Now, friends, for you and for me, we have to act as if we believe this in the way we live our lives. This is the faith with works that our epistle today demands. The faith Jesus commends isn’t a comfortable idea, a static place of certainty, smug and self-contained. Rather, it’s an open place of risk where we show the world a different way. Christian faith isn’t a deposit of self-assured certainty as much as a habit of mind and action—faith lives in our hearts and our muscles, you can read it off our appointment books and our credit card statements; it’s not a preserve of the mind but the shape of an active life committed to making a difference.

Such genuine Christian faith needs to be lived out, and it means rejecting the God of success. This is why mature Christianity makes you tough. It allows you in time to rise above the diagnosis of cancer, that means the dream is over. It helps you pick yourself up and dust yourself off after you’ve fallen on your face—losing a job through your own stupidity, for instance, or a marriage. It allows you to learn from your mistakes rather than spend a lifetime nursing hurts and coddling a bruised ego. Christianity is red meat for robust human living or, if you prefer a vegetarian image, it’s wholegrain for a healthy human heart.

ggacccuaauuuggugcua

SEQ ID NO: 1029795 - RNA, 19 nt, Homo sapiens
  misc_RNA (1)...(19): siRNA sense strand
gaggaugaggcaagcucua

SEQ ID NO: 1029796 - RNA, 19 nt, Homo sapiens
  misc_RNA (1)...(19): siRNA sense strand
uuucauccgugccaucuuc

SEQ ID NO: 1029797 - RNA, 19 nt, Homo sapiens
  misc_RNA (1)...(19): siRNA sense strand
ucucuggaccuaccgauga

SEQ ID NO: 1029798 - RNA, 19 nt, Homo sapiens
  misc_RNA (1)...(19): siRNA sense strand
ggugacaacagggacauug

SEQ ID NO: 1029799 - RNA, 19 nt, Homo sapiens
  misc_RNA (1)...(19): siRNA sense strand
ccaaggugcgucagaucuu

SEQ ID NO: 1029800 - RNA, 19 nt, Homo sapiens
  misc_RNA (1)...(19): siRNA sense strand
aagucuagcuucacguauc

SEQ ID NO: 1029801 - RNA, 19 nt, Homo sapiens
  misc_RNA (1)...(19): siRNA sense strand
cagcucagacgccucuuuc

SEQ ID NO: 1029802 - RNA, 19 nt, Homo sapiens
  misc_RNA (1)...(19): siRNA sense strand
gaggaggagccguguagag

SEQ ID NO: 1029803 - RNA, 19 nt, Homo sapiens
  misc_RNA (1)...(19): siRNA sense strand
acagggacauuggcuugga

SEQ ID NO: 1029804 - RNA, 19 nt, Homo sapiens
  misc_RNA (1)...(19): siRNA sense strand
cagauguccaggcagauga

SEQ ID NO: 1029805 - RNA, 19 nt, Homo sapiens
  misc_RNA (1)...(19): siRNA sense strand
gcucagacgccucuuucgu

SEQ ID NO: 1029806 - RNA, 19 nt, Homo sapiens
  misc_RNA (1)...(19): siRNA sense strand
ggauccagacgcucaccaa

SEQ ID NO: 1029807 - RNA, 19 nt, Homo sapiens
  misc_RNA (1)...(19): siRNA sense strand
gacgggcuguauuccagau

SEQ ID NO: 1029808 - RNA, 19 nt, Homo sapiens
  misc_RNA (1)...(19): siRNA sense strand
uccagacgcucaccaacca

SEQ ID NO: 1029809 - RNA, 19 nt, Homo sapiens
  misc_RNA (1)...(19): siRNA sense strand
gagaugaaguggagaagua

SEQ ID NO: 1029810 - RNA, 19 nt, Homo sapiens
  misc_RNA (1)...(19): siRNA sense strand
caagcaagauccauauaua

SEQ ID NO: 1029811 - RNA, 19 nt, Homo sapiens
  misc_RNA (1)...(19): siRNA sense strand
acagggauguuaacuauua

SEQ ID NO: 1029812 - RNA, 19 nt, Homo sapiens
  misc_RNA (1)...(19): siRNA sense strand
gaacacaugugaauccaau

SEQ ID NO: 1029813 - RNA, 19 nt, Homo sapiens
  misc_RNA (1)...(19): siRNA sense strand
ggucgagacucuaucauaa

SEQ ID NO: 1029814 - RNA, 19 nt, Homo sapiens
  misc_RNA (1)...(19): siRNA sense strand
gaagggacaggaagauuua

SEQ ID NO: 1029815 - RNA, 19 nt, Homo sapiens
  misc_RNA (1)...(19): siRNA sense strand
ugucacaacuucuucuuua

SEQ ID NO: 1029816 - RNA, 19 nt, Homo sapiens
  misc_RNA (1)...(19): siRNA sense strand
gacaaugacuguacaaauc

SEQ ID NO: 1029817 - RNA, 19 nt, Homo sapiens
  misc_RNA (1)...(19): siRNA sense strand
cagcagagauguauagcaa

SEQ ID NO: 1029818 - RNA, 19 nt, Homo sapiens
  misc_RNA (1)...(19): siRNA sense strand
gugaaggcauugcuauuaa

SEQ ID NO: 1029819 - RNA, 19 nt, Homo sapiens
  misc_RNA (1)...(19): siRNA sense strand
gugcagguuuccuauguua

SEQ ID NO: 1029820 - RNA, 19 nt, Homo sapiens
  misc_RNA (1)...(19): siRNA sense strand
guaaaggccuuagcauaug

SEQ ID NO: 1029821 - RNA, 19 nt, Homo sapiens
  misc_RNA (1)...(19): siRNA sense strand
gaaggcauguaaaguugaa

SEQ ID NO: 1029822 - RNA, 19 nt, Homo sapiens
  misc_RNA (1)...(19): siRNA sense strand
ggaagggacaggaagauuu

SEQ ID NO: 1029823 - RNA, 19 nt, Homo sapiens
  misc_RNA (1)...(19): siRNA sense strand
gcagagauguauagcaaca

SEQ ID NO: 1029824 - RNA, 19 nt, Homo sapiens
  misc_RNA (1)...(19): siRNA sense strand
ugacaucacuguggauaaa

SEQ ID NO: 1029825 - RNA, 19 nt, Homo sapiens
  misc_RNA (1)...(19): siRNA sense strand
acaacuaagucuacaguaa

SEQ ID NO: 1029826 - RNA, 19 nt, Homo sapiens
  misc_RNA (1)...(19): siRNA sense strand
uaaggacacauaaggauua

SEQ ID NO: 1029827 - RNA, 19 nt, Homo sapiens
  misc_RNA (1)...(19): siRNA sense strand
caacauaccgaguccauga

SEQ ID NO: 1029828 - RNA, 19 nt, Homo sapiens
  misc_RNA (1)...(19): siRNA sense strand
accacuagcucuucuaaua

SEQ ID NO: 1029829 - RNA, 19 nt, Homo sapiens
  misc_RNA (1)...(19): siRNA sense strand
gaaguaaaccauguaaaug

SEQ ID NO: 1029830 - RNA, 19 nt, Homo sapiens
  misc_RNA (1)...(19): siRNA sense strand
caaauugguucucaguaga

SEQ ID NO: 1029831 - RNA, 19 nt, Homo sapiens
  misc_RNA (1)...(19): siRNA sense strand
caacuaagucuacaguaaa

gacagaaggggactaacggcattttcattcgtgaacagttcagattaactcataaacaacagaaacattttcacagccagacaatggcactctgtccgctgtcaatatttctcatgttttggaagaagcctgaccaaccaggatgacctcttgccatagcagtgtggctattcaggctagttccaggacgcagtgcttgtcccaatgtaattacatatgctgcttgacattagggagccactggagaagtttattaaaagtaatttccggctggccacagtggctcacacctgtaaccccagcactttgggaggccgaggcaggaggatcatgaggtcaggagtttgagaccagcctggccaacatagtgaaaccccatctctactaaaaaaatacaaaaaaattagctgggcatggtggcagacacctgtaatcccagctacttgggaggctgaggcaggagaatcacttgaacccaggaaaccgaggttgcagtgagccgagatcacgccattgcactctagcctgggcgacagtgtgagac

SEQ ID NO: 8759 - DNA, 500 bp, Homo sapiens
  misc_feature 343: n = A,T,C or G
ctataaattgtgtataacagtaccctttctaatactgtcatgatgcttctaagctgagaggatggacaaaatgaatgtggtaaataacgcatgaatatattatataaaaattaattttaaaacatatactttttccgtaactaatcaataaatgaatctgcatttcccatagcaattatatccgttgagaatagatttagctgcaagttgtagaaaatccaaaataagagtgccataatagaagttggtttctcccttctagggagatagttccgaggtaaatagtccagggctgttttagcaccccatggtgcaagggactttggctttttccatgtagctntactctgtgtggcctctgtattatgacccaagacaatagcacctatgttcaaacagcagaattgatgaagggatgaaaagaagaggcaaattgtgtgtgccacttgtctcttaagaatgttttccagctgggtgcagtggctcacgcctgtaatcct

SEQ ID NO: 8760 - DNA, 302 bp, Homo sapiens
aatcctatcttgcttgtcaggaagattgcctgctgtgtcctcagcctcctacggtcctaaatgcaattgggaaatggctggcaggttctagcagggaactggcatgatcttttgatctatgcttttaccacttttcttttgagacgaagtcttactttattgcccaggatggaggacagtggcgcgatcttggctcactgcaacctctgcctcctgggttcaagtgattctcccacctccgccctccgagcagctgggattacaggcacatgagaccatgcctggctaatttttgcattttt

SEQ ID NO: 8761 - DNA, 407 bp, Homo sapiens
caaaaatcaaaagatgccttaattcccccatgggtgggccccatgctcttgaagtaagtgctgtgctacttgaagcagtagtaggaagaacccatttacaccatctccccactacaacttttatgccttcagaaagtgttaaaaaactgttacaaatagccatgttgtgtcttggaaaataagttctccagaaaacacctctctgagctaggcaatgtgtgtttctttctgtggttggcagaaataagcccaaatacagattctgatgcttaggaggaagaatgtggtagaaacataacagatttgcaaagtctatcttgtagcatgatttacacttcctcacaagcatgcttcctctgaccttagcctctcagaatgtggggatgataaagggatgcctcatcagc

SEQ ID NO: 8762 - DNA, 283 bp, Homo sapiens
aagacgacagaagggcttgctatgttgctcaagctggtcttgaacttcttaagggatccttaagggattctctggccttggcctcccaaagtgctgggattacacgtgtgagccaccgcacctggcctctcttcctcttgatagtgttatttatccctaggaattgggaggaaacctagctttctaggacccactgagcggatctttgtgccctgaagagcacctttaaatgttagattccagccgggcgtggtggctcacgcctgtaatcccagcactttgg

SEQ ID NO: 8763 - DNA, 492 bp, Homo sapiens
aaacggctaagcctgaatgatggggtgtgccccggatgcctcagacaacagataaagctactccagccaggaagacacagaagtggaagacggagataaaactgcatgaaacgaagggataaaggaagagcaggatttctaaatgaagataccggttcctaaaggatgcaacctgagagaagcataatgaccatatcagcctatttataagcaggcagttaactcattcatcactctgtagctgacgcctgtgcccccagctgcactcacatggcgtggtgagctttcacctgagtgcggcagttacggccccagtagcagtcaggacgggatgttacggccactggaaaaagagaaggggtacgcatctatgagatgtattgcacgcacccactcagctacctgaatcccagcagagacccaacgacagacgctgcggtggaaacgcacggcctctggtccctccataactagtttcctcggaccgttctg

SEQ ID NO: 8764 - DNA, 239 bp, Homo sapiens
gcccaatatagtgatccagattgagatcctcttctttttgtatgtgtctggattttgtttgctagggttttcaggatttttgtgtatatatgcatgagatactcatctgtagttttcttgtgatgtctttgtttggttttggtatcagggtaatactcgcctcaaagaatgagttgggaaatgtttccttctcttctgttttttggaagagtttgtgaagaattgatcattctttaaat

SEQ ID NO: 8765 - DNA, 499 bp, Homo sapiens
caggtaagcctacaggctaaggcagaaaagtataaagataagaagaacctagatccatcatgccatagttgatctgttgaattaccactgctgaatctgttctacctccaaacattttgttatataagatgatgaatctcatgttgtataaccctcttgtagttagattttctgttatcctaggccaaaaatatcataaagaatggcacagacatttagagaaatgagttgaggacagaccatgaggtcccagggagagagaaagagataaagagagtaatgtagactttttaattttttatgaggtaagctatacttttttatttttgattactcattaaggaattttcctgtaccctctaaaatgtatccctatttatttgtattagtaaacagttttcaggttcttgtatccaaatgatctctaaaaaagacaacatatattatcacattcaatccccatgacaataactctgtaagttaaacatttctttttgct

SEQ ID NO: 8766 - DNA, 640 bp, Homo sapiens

And sometimes the cost of this faith, of the works that faith calls forth from us, is to join Christ in actively showing up the whole façade of success, and the rivalrous, ultimately murderous realities undergirding it. Al Gore, for one, is helping us see the environmental harm our success-based Western lifestyle is causing. Other prophets point out the harm our obsession with being number one does for those who have to come second—as we see with Hezzbollah, for instance, or the hardliners in Israel.